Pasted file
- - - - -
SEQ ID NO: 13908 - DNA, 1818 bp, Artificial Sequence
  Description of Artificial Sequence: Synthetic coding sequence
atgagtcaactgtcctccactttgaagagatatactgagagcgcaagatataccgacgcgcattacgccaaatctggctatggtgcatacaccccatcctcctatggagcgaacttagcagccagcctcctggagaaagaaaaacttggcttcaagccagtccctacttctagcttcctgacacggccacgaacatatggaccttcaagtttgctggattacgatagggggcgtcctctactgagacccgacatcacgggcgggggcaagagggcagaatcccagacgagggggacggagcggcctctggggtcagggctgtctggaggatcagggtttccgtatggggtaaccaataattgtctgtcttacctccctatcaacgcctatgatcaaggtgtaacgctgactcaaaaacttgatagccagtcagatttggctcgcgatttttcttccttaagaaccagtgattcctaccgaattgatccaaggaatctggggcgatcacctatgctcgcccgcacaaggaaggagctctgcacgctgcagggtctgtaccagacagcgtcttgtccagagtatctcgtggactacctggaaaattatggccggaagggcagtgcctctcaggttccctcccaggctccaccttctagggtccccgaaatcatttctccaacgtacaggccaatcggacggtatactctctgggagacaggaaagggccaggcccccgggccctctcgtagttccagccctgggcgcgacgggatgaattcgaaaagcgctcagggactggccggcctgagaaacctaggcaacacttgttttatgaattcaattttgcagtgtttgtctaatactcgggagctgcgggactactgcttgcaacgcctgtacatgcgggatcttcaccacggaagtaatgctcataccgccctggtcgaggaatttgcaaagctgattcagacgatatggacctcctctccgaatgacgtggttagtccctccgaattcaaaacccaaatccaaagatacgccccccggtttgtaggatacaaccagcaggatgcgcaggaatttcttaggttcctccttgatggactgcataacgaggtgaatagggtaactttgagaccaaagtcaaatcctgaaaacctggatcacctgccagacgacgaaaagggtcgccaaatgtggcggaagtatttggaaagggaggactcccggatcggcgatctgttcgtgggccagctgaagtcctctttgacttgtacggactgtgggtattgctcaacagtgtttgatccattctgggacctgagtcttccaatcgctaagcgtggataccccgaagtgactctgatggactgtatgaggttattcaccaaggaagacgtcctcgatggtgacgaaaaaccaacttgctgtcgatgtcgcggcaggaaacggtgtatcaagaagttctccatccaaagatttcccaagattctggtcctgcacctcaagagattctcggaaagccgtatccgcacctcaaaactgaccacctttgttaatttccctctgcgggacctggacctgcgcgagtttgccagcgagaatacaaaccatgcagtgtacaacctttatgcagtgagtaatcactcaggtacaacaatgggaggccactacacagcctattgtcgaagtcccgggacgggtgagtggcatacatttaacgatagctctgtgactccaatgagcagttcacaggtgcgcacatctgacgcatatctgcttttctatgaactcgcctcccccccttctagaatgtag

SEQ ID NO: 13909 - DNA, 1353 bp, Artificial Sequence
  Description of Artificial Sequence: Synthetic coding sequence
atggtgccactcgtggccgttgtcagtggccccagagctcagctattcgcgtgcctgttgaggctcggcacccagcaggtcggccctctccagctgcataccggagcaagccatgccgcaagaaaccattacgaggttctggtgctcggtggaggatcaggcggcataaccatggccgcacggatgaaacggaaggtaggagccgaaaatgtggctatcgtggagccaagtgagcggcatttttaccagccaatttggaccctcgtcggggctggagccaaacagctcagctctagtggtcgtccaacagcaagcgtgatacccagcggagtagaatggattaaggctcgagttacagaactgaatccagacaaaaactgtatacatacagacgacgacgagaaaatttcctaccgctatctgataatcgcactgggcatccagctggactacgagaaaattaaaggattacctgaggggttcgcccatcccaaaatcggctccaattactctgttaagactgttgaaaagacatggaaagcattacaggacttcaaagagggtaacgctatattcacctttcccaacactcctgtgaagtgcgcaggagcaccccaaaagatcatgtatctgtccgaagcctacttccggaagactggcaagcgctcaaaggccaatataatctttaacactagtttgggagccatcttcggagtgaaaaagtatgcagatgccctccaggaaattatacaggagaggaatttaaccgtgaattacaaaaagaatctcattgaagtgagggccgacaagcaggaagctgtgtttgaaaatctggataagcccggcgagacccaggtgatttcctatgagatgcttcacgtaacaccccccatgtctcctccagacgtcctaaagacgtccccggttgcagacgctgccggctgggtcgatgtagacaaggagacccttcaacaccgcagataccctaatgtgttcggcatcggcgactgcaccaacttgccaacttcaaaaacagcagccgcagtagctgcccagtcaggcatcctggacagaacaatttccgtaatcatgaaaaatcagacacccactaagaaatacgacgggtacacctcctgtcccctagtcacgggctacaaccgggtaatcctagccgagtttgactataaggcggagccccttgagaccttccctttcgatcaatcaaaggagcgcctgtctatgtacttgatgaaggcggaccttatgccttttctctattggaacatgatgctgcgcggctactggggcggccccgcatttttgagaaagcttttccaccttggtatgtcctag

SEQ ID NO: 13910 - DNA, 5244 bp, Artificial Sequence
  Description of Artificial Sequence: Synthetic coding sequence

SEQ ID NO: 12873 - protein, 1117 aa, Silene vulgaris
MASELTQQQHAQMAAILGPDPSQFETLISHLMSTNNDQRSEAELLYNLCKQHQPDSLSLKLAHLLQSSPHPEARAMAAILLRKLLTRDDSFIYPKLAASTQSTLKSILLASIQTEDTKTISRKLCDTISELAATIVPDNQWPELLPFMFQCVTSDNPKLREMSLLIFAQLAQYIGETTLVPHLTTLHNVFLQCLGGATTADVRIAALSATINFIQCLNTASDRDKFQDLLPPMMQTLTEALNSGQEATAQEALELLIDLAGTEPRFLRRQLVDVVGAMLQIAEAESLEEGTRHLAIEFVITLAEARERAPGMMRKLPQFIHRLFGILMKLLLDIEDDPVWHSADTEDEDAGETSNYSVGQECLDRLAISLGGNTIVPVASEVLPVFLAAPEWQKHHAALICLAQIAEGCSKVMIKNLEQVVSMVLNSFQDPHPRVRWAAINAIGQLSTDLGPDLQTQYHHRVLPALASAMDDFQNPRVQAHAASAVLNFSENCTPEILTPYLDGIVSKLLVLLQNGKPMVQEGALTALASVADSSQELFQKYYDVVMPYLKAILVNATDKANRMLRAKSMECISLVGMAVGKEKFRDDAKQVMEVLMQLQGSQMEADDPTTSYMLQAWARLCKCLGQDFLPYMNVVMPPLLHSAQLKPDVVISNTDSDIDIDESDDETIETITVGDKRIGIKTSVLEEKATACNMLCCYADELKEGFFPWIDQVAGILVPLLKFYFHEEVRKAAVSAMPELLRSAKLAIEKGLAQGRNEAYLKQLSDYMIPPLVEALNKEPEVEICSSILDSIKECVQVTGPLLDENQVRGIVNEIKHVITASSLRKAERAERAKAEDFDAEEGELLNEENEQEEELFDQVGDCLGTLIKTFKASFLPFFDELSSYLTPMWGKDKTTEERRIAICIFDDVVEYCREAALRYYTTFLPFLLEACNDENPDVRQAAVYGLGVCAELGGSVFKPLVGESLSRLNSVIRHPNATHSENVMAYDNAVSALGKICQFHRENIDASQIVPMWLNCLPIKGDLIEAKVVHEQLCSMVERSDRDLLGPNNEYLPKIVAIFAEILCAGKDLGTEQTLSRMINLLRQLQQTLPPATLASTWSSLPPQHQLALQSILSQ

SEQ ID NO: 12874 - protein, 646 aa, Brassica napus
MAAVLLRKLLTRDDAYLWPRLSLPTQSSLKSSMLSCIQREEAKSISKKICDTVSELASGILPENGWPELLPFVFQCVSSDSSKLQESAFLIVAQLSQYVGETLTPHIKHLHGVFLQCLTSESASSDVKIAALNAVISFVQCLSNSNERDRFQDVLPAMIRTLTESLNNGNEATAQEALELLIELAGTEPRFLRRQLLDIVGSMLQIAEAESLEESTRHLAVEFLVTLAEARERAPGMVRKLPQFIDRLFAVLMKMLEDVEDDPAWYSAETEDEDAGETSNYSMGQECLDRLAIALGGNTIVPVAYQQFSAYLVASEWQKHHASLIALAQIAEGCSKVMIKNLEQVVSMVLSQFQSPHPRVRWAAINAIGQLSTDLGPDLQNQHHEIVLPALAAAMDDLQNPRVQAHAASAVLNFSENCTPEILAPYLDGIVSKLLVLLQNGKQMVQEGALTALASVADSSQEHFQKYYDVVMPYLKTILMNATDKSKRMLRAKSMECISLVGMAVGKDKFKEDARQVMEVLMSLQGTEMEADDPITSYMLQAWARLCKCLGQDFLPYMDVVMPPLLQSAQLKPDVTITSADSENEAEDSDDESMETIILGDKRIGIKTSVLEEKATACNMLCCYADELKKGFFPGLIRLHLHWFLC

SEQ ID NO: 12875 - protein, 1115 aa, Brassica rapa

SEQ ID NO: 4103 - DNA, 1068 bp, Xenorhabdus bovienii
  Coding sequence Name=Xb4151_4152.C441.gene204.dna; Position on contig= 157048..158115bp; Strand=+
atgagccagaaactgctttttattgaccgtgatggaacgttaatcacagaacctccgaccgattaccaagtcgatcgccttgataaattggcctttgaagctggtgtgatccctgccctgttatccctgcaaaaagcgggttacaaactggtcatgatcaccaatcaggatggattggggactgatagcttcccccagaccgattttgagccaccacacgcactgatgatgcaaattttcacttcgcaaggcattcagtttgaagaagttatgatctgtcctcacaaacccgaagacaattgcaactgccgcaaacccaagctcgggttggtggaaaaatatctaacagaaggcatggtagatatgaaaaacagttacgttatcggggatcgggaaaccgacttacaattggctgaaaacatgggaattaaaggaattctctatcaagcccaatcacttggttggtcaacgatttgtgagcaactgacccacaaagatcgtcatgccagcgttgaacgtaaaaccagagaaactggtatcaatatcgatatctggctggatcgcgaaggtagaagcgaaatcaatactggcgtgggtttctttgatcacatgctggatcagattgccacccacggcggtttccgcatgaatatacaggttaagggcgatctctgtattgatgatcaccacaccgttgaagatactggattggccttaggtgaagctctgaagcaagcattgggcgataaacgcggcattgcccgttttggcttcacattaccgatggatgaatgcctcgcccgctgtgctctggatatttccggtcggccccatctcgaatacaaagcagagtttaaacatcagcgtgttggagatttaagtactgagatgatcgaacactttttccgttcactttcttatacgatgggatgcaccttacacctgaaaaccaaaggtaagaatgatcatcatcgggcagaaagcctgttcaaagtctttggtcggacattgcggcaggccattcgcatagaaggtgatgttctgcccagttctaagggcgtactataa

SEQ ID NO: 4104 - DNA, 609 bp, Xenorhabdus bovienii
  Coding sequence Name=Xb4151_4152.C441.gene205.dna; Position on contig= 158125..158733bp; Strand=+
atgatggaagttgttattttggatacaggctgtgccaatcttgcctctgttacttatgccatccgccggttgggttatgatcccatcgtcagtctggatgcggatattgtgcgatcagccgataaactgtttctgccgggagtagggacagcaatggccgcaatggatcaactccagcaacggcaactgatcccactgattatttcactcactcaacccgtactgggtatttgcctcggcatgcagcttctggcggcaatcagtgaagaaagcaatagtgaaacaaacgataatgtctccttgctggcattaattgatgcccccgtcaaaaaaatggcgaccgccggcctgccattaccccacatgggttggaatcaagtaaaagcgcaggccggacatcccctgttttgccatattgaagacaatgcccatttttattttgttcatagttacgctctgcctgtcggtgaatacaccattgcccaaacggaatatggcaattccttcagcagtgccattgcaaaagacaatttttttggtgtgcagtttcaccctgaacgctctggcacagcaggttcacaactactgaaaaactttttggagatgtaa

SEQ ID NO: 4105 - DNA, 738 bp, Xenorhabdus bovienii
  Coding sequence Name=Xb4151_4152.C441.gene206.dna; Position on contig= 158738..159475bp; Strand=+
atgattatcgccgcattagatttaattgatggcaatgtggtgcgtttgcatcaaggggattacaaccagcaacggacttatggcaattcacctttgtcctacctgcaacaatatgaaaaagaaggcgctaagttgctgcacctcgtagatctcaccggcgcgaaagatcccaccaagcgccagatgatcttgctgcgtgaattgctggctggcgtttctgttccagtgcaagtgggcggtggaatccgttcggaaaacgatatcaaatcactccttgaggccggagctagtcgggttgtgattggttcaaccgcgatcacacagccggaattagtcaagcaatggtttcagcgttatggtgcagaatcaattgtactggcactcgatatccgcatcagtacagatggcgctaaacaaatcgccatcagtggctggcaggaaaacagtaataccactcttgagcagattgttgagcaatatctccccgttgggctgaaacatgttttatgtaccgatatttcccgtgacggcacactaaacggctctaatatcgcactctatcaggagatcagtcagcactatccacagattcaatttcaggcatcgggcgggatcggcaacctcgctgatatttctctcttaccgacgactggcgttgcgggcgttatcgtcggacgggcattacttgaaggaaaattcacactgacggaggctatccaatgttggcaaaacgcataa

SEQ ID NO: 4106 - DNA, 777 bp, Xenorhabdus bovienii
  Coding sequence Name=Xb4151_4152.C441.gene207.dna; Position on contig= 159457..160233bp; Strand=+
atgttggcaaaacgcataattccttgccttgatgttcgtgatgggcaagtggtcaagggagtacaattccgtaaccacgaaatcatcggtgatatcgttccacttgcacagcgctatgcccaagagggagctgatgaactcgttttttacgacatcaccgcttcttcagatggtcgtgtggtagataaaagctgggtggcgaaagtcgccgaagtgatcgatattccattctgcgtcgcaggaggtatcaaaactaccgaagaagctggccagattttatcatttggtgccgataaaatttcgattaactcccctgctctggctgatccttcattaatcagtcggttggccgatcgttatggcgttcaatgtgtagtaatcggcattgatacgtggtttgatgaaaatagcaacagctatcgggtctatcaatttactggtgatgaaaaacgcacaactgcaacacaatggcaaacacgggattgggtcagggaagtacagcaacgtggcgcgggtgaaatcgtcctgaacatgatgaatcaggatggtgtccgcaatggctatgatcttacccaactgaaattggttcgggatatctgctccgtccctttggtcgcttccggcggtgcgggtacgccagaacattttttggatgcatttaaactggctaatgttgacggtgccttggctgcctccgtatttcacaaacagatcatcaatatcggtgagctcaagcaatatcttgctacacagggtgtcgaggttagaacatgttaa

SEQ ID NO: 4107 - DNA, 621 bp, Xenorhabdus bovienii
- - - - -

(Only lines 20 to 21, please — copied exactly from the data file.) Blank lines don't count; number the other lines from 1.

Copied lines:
SEQ ID NO: 4105 - DNA, 738 bp, Xenorhabdus bovienii
  Coding sequence Name=Xb4151_4152.C441.gene206.dna; Position on contig= 158738..159475bp; Strand=+